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This dissertation explores the integral role Hodinǫhsǫ́:nih (Haudenosaunee) (Iroquois) women had on the collection, documentation, framing, and circulation of their design work in the mid-nineteenth to early-twentieth century. The Hodinǫhsǫ́:nih are an alliance of six sovereign Nations located across the upper region of what is colonially known as New York state and the Canadian provinces of Quebec and Ontario. As a matrilineal society, Hodinǫhsǫ́:nih women oversee the social, political, and economic welfare of the Six Nations. They decide on matters of concern such as warfare, sanction land use, establish diplomatic relations with other nations, as well as facilitate access to and travel through their traditional territories. In this dissertation, I develop the concept of articulating refusal-assertion to interpret the social negotiations that occurred between Hodinǫhsǫ́:nih women and the anthropologists, missionaries, and educators whose collections they helped to co-produce at the turn of the twentieth century. I argue that the decision to serve as procurers, interlocutors, and interpreters was strategic; Hodinǫhsǫ́:nih women upheld and enacted their matriarchal roles and responsibilities while negotiating the research activities and commercial ventures carried out on their traditional territories. Drawing on extensive archival- and museum-based research, I found that Hodinǫhsǫ́:nih women directed the collection, documentation, and circulation of their material culture and knowledge despite the archival erasures that seek to obfuscate, silence, and erase their voices and stories. I begin by addressing how Hodinǫhsǫ́:nih women refuse to recognize the legitimacy of colonial nation-states, as well as assert their nationhood through the visual and material record. Next, I focus on three forms of domestic labor (dressmaking, lacemaking, and homemaking) whereby Hodinǫhsǫ́:nih women engaged in acts of refusal and assertion from 1850 to 1945. Each chapter illustrates how Hodinǫhsǫ́:nih women refuted the boundaries and labels placed upon them, their bodies, and their communities amidst ongoing colonialism and capitalist expansion. I also show how they asserted their nationhood through production of textiles, regalia, and clothing. My intention is to redress archival erasures that have removed Hodinǫhsǫ́:nih women’s names, voices, and stories from their design work.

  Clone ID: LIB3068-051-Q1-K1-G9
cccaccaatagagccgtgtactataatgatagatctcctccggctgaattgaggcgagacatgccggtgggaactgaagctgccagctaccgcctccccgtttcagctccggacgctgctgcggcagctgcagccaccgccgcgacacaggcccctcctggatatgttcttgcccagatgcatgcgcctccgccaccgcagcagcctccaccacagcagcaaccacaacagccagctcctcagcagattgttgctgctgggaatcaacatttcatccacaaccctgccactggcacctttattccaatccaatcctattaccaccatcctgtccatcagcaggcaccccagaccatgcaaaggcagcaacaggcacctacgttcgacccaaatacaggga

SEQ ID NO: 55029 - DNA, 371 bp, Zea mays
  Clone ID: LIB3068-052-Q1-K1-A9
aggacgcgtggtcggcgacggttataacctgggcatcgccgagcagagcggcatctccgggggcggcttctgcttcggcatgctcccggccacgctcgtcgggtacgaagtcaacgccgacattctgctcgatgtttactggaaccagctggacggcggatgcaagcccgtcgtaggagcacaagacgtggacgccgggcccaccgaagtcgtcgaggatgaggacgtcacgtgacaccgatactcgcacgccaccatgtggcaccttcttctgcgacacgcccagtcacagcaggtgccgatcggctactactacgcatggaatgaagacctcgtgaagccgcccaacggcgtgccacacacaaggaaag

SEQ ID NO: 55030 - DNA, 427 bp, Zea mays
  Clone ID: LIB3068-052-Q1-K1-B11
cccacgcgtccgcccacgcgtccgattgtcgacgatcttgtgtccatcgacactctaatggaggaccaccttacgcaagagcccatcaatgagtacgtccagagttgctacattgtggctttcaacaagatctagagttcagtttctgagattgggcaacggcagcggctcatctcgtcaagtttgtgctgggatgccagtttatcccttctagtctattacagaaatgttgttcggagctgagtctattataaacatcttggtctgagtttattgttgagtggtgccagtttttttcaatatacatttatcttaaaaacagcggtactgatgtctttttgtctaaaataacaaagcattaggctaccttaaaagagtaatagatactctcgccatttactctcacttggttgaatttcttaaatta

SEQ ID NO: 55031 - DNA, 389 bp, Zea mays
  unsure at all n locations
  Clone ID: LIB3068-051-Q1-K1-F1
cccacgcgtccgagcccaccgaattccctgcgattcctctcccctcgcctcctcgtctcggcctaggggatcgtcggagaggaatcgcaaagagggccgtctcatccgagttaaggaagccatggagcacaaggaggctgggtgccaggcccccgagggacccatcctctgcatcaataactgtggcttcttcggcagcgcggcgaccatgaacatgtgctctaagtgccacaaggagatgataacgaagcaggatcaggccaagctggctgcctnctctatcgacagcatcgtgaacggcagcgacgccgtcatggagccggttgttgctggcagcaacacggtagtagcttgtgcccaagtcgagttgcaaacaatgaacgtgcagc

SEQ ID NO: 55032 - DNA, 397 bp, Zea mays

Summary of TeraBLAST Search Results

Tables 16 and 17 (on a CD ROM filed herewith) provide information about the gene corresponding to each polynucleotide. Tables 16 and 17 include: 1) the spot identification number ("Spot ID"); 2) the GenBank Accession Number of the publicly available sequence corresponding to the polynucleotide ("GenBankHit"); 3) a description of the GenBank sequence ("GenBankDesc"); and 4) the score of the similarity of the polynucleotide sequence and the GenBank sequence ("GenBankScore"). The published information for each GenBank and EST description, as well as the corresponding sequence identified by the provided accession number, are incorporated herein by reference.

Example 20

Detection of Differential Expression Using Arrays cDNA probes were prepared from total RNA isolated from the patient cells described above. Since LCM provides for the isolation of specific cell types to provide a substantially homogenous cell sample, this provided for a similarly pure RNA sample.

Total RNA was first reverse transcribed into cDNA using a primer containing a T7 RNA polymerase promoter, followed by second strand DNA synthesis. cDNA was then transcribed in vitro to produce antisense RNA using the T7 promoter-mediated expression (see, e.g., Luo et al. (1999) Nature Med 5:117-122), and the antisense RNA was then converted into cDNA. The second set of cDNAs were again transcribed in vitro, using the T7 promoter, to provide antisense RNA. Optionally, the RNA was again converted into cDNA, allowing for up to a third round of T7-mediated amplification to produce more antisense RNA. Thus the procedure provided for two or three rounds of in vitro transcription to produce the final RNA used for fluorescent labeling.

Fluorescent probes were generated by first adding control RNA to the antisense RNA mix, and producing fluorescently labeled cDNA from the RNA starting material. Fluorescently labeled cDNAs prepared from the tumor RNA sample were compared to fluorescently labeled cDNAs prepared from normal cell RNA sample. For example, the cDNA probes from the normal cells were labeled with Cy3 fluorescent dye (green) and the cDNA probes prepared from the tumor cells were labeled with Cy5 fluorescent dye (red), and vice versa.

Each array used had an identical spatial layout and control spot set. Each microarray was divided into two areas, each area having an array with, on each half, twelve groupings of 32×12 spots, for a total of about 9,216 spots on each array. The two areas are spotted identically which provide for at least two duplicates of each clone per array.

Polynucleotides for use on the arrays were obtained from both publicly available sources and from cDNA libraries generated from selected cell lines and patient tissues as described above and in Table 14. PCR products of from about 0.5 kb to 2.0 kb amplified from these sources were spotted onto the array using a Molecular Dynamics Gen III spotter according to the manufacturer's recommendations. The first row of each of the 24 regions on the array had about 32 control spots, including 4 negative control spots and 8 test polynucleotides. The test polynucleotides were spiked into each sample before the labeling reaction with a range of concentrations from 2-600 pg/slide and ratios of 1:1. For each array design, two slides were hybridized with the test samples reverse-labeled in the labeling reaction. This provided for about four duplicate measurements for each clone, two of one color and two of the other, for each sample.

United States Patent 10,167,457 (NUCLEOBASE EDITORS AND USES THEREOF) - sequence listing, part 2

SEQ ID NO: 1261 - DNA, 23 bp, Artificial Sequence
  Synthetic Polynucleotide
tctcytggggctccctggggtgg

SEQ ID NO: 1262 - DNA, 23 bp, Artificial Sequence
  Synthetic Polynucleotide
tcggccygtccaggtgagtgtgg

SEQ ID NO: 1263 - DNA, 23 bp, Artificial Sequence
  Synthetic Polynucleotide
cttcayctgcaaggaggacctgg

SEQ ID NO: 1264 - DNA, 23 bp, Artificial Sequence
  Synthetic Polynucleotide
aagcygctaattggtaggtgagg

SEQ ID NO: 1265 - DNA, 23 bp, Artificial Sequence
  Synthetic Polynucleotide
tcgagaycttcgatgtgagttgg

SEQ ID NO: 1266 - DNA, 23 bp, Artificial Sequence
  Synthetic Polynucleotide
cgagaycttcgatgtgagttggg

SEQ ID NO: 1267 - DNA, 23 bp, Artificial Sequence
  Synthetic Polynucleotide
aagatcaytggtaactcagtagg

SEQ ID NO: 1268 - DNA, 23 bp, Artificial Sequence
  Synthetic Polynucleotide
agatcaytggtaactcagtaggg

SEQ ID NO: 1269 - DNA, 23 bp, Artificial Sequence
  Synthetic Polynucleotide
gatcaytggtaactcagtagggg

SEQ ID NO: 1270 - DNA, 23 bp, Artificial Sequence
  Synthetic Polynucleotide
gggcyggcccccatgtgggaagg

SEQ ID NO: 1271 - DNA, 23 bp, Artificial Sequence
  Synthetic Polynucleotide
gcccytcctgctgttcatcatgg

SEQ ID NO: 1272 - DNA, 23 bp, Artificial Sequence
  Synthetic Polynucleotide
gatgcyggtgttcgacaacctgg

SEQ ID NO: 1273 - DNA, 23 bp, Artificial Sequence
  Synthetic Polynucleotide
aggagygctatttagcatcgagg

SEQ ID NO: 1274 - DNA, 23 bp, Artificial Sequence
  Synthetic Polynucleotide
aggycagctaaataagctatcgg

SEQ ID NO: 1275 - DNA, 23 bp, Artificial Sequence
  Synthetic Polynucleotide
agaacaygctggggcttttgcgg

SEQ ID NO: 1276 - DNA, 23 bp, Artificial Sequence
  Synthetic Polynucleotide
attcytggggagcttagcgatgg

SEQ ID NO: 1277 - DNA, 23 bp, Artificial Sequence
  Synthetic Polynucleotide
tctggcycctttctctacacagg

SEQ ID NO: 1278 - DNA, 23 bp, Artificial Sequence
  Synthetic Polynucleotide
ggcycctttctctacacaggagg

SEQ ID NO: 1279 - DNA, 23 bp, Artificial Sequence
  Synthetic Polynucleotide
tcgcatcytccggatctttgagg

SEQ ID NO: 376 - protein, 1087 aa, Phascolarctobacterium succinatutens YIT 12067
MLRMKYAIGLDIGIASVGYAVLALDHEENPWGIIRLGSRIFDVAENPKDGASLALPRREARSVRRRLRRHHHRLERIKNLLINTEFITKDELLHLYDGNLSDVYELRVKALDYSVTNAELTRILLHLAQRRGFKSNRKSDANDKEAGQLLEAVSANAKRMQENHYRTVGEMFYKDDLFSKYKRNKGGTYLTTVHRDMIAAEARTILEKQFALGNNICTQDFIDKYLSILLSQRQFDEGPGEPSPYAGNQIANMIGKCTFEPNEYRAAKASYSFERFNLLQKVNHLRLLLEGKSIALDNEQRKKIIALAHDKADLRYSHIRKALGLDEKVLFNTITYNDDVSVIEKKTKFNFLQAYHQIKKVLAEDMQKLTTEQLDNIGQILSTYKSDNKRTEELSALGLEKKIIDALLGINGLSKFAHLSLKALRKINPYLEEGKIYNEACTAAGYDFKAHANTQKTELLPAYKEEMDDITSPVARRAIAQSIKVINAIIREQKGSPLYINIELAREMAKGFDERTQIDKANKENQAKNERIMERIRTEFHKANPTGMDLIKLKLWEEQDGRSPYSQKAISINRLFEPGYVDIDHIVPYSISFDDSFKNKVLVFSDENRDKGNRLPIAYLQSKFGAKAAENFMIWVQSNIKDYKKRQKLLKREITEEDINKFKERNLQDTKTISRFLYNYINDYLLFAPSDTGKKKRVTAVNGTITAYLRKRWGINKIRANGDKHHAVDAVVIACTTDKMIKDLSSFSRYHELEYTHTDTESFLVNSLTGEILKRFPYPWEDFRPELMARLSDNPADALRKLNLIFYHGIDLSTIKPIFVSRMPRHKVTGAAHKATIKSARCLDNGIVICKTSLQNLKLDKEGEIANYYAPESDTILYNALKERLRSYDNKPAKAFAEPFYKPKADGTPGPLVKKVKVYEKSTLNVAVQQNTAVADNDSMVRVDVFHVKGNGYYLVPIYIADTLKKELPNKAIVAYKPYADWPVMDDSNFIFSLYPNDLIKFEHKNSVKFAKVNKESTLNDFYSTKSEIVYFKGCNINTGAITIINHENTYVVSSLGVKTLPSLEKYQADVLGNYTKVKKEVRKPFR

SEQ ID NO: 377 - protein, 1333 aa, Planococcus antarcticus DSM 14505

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Green, Denise

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Raheja, Natasha
Moisey, Andrew
Rickard, Jolene
McGowan, Kaja

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Fiber Science and Apparel Design

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Ph. D., Fiber Science and Apparel Design

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Doctor of Philosophy

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dissertation or thesis

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